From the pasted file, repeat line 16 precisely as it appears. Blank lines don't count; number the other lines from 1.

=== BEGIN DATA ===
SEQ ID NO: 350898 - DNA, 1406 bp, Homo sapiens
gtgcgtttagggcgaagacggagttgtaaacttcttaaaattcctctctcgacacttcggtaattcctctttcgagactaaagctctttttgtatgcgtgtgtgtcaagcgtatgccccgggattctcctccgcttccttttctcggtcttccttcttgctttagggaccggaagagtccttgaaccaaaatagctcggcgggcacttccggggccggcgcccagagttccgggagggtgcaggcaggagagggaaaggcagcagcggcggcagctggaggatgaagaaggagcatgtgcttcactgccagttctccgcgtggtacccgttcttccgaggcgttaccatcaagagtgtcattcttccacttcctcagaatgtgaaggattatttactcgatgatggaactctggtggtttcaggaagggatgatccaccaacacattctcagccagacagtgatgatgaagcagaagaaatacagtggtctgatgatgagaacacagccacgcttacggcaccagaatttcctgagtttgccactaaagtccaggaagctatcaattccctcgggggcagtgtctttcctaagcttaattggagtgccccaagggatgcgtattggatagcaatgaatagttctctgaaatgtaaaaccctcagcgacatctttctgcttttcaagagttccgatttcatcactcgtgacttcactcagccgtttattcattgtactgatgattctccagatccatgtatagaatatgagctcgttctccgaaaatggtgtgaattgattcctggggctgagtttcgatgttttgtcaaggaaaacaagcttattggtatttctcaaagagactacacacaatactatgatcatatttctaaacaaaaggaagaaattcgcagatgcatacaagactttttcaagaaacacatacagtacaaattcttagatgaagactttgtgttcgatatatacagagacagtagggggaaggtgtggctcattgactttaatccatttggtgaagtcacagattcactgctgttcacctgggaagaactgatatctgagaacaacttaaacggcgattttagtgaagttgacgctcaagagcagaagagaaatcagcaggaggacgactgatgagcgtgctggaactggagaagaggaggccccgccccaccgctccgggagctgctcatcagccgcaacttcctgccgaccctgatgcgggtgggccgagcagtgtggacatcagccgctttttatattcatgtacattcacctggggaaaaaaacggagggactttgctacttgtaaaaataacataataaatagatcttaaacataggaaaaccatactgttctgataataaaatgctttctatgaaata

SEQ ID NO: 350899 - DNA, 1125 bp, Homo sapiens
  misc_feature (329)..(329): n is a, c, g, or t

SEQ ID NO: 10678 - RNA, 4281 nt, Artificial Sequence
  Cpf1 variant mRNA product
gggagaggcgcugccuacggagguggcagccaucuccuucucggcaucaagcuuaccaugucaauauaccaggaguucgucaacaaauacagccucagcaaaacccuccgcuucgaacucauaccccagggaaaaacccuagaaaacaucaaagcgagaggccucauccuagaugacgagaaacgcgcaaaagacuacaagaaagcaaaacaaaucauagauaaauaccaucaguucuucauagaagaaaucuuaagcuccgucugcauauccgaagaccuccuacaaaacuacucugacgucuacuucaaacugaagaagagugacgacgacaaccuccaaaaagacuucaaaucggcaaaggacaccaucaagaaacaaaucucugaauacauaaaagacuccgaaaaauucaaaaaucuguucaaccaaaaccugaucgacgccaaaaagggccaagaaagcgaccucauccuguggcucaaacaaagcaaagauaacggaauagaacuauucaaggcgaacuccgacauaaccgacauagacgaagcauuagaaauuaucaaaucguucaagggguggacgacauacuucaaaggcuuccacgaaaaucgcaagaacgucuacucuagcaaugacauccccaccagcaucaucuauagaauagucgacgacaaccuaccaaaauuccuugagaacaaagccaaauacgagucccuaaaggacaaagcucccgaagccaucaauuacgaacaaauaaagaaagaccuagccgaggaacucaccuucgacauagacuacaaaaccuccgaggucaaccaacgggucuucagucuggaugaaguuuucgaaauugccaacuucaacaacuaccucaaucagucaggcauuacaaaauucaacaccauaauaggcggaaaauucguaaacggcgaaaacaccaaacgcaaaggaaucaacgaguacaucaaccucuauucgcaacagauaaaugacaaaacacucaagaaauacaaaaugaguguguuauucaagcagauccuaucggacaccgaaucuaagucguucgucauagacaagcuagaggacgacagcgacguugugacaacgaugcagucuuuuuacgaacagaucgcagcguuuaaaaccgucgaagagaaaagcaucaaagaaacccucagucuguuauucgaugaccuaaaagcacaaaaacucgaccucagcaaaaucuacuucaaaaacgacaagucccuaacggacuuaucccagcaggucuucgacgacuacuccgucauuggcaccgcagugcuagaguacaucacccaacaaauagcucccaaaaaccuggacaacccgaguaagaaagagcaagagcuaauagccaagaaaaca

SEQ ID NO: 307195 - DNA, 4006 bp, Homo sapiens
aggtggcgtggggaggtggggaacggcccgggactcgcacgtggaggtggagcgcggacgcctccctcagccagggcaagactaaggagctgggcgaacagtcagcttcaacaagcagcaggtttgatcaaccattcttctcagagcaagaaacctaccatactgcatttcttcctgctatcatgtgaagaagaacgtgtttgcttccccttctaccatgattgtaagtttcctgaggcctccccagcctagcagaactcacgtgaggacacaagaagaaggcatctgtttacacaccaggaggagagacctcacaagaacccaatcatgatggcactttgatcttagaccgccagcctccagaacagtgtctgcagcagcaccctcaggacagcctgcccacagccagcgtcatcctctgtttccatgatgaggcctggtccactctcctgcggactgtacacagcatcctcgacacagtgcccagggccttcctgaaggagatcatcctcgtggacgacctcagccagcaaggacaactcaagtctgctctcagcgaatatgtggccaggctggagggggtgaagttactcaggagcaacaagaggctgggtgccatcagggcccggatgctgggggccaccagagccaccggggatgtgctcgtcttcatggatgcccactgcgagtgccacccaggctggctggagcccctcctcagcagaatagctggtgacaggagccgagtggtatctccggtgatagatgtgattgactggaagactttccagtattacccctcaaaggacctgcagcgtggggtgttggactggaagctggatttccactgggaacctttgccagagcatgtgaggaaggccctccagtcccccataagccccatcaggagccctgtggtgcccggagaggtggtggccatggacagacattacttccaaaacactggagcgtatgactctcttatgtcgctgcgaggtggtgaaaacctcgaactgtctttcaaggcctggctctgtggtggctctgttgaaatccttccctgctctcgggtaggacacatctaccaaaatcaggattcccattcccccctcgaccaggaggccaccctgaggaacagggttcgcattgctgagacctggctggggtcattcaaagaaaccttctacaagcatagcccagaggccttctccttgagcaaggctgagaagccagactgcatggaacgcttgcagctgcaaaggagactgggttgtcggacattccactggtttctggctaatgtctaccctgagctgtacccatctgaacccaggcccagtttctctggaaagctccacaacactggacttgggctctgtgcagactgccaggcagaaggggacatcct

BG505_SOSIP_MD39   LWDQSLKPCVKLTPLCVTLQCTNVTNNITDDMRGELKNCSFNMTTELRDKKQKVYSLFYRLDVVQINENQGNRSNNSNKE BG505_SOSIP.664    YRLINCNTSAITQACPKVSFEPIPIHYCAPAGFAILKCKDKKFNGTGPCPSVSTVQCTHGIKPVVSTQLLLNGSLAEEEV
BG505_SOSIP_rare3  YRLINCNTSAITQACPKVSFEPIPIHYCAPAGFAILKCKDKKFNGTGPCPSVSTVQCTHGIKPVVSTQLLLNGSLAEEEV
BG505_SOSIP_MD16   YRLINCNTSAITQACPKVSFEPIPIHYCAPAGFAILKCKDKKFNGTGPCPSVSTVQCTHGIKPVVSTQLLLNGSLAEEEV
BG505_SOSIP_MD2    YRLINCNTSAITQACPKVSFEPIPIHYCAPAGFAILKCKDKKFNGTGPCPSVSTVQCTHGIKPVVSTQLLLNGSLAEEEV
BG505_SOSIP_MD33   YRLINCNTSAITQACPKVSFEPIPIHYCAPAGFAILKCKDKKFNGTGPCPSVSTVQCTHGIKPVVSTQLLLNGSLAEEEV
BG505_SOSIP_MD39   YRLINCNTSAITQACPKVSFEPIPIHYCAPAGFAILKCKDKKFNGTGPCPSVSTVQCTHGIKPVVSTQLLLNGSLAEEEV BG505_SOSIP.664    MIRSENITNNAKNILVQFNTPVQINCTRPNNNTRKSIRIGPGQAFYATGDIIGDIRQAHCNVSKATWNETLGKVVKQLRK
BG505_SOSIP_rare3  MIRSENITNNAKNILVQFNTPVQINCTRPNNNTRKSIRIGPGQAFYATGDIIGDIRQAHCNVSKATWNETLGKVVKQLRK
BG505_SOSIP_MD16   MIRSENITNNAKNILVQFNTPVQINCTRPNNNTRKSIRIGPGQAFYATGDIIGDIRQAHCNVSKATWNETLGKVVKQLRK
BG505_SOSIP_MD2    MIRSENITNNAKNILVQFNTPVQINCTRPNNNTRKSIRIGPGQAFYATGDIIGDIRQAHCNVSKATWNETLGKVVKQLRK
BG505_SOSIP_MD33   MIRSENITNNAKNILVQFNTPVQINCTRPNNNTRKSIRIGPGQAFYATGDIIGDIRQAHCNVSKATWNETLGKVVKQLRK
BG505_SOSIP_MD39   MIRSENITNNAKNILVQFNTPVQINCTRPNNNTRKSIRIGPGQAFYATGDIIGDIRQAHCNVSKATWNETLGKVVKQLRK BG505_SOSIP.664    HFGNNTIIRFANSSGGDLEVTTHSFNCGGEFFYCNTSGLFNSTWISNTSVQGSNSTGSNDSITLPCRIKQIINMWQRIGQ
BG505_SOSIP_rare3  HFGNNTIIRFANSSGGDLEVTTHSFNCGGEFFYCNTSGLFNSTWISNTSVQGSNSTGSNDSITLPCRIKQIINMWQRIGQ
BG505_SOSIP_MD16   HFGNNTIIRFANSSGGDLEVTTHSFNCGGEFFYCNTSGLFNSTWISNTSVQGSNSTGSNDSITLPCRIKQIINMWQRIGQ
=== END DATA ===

BG505_SOSIP_rare3  MIRSENITNNAKNILVQFNTPVQINCTRPNNNTRKSIRIGPGQAFYATGDIIGDIRQAHCNVSKATWNETLGKVVKQLRK